Are you part of a prayer group? Do you sometimes feel frustrated with how things go? Today, I’m going to let you inside the head of a prayer group leader — me. While no two of us are exactly alike, we do share some common ground. I’m hoping some of the things I say will help you understand how your prayer leader ticks, so you can function at your best within your group. (Come to think of it, a lot of these points might apply to your pastor as well.)
1.) Each prayer group leader has a particular vision for his or her group. That vision will include which topics the group prays about and what the format for your gathering is. You may not like the emphasis or style. Give it a try anyway, and see if you can learn to flow with it. If you can’t, maybe another group would be a better fit for you.
Sometimes people join a group thinking it’s a democracy, where everyone’s input is on an equal footing. They try to remake the group into their vision of how things should go. While suggestions can be helpful (and good leaders listen to those), frequent “You should do it this way instead” comments aren’t usually appreciated because they don’t fit the overall goals of the leader of their group.
2.) Your leader can’t control everything that happens. In fact, it wouldn’t be great if leaders tried! Things can — and will — go wrong, because people are people. Sister Eunice might pray or say something goofy sometimes. You could, too. (And so could your leader!) Just let it go.
3.) Just because your leader doesn’t deal with inappropriate prayer or comments in the moment doesn’t mean he is oblivious to a problem. Trust him to take care of it. He probably will, but he plans to do it privately.
My husband and I have, on rare occasion, stopped something from happening in the moment. There were a few times we should have acted more quickly and didn’t. (Sorry, but we’re not perfect yet.) Most of the time, we let minor things go and allow the Lord to work on people’s maturity gradually. But if something is enough out of line or happens a lot, we really do deal with it behind the scenes. We want to avoid humiliating people and be as loving as possible. It’s a crazy balancing act between doing what is best for the individual and what is best for the group.
4.) Dueling prayer warriors are no fun for the rest of the group. Please avoid this behavior. Did Brother Bob just pray something you disagreed with? Even something really wacky? You don’t have to launch into an obvious comeback prayer to counteract his error. Diplomatically pray another side to the issue, yes. But argue with him via “prayer,” no.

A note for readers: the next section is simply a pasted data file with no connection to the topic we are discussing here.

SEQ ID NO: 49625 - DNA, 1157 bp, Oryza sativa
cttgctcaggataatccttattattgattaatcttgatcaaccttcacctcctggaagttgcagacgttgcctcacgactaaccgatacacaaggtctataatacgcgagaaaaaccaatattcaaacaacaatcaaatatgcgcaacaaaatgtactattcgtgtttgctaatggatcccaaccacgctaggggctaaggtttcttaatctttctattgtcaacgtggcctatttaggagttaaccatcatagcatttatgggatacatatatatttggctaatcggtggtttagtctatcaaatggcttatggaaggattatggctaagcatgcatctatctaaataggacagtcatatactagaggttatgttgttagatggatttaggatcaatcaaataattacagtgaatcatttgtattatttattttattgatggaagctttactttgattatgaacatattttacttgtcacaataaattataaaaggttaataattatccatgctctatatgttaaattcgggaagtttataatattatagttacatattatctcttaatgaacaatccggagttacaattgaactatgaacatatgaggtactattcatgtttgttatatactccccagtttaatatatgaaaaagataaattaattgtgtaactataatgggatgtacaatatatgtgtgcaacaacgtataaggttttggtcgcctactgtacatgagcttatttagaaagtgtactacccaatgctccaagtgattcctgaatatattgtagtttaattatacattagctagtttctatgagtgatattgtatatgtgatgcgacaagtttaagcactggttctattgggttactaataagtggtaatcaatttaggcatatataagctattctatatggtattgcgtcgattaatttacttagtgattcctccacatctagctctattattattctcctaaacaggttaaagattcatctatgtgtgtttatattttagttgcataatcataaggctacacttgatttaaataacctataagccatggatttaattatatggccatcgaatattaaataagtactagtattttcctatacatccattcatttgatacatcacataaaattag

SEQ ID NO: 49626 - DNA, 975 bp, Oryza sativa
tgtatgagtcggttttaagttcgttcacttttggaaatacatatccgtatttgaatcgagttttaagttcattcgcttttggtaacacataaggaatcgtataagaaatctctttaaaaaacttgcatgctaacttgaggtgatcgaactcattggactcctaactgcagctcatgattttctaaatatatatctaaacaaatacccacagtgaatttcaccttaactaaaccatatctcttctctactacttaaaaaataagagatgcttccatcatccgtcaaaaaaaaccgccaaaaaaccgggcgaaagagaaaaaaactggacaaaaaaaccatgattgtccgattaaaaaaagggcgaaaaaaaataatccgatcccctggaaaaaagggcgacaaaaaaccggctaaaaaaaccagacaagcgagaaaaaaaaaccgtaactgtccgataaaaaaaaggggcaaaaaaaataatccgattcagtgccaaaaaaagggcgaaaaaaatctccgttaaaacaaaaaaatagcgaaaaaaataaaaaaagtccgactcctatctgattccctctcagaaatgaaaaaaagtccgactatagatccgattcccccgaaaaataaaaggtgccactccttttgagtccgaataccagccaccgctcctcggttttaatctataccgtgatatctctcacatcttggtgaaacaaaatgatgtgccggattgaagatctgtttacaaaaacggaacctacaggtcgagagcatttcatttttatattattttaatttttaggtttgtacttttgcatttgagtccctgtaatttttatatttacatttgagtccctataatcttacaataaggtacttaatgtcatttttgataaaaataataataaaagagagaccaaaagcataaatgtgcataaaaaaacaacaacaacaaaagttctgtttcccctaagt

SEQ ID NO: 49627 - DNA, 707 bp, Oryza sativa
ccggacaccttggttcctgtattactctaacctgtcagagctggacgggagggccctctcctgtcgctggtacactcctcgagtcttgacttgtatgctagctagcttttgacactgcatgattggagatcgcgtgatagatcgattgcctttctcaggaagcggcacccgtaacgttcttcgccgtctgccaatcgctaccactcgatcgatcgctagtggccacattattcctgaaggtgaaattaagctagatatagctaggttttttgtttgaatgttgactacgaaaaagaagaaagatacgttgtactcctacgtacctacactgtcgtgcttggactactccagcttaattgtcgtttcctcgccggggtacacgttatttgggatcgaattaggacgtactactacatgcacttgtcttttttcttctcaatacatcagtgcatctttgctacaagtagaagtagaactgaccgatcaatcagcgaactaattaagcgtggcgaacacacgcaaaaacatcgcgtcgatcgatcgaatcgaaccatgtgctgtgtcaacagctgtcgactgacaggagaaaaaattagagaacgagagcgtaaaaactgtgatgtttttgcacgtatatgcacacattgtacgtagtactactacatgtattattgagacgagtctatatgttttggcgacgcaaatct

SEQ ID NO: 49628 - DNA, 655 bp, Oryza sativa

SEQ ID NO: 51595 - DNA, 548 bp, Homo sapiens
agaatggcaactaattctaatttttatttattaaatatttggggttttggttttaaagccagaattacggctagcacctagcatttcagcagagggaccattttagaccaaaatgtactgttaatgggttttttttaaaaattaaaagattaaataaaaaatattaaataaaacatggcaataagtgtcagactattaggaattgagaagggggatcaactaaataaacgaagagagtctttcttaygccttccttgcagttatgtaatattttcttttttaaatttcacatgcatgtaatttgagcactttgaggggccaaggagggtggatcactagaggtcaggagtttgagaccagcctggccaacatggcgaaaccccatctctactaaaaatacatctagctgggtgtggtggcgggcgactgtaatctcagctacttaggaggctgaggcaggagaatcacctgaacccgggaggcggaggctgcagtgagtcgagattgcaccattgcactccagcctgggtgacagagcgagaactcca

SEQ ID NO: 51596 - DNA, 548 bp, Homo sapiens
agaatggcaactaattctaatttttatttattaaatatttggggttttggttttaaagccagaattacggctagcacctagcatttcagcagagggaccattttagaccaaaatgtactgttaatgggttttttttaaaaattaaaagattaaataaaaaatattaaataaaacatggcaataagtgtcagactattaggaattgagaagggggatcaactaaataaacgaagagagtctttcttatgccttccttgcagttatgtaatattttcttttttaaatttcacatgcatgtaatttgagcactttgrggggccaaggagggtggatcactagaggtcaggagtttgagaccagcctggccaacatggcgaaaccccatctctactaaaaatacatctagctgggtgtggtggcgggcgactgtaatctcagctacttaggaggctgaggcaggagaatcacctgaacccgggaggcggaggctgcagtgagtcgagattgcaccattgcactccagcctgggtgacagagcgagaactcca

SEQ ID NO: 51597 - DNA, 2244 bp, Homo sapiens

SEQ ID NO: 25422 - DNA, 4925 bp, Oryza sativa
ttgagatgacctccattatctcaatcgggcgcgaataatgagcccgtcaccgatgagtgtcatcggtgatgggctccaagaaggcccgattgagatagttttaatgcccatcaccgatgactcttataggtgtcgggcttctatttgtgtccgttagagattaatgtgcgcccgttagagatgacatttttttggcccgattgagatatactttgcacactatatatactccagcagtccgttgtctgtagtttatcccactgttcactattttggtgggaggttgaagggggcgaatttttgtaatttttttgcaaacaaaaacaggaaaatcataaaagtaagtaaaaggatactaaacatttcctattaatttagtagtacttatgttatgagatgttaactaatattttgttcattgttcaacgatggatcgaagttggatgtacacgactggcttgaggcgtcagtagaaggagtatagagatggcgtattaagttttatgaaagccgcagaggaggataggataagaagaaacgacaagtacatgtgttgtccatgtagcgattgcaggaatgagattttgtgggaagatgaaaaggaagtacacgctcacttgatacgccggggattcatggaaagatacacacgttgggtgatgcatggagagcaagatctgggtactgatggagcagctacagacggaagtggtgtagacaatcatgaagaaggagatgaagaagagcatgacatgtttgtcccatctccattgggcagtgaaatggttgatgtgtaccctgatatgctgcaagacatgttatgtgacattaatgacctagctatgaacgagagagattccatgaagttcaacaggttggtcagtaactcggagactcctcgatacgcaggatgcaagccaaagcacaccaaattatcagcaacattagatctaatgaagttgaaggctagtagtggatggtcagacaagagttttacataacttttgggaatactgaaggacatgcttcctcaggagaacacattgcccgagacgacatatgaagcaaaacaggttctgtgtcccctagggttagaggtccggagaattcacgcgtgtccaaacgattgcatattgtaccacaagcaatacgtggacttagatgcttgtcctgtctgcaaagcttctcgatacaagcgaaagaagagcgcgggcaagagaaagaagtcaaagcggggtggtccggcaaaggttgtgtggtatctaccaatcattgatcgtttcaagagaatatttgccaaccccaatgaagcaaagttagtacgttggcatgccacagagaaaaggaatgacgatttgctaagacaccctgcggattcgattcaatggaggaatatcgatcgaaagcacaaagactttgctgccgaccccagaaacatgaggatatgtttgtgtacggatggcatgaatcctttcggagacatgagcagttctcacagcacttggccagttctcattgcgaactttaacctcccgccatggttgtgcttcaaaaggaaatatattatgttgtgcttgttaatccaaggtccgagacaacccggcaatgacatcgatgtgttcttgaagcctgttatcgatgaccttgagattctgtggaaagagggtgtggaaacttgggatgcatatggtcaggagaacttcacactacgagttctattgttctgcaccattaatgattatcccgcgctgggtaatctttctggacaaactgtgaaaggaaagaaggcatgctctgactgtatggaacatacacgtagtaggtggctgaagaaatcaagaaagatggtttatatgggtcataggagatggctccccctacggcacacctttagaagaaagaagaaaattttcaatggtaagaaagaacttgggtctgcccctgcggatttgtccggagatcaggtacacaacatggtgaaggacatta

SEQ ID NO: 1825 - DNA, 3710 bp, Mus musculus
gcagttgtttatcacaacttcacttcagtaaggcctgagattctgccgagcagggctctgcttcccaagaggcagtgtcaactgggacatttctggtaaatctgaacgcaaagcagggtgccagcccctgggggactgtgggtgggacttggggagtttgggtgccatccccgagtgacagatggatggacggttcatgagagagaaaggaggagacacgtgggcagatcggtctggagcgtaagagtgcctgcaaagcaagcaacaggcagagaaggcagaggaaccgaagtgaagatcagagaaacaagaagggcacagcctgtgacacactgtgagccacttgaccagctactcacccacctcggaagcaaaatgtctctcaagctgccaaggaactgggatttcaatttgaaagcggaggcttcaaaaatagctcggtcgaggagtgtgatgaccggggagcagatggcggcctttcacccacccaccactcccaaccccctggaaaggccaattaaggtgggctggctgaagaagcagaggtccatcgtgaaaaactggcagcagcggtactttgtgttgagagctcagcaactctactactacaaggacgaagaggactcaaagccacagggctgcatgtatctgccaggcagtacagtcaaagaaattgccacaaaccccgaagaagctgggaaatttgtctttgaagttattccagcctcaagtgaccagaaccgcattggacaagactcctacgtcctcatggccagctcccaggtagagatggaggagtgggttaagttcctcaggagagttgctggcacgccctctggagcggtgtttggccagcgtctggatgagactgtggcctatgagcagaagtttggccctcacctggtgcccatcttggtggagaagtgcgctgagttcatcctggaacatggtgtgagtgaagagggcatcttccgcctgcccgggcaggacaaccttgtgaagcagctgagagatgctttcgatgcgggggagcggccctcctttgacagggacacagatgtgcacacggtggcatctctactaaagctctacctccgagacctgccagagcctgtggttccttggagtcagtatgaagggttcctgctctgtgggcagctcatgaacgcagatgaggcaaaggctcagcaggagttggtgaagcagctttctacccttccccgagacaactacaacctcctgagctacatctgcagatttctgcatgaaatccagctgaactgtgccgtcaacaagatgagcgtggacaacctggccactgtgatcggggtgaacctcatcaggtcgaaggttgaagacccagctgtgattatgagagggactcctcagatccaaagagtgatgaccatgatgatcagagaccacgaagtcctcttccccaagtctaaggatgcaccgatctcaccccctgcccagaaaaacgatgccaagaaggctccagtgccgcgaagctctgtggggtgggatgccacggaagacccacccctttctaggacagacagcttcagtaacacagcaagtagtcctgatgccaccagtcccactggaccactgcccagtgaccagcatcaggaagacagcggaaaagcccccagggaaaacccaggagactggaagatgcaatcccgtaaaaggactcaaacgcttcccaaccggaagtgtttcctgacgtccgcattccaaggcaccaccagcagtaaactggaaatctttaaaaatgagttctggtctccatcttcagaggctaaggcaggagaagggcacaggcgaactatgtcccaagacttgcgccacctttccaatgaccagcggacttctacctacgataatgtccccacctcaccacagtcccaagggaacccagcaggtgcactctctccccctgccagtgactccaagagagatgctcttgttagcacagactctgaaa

God doesn’t get shook up over a prayer here and there which isn’t according to His mindset. (We all pray these at times.) He simply lets wrong prayers fall to the ground unanswered. And, contrary to what some have taught, occasional prayers not in agreement with His will do not end up as ammo in the devil’s hands. The enemy has not been given that authority.
So, when somebody prays something “off,” just grit your teeth and move on. Your prayer group leader has to do this more times than you will ever know.
5.) Prayer goes better for everyone if you stay sensitive to others in the group. This doesn’t mean you have to walk on eggshells, hoping never to offend anyone. It does mean some things are entirely appropriate to pray at home which it would be best not to bring into the group setting, because they could be unnecessarily divisive. It also means if you are charismatic, and you know you are praying with people who are not, it’s not a good idea to launch out into a message in tongues. Know your prayer partners and love them more than you love your freedom or theology.
6.) There will be good prayer meetings and ones which fall flat. This is normal. It’s not the end of the world to have an off week. Sometimes things flow effortlessly in the Spirit. Sometimes they don’t, and we power through it the best we can. God still hears our prayers on the weeks when we feel things are not clicking like they should. Have faith in His ability to cut through the mess and still use your group’s prayers for His glory.
7.) Give your prayer group leader grace to grow, just as she tries to do with you. Leading prayer is not an easy job. Give your fellow prayer team members grace, too. We all need multiple second chances to get things right. Love covers a multitude of sins.
Are you a prayer group leader? Would you like to add some suggestions of your own? Please share in the comments!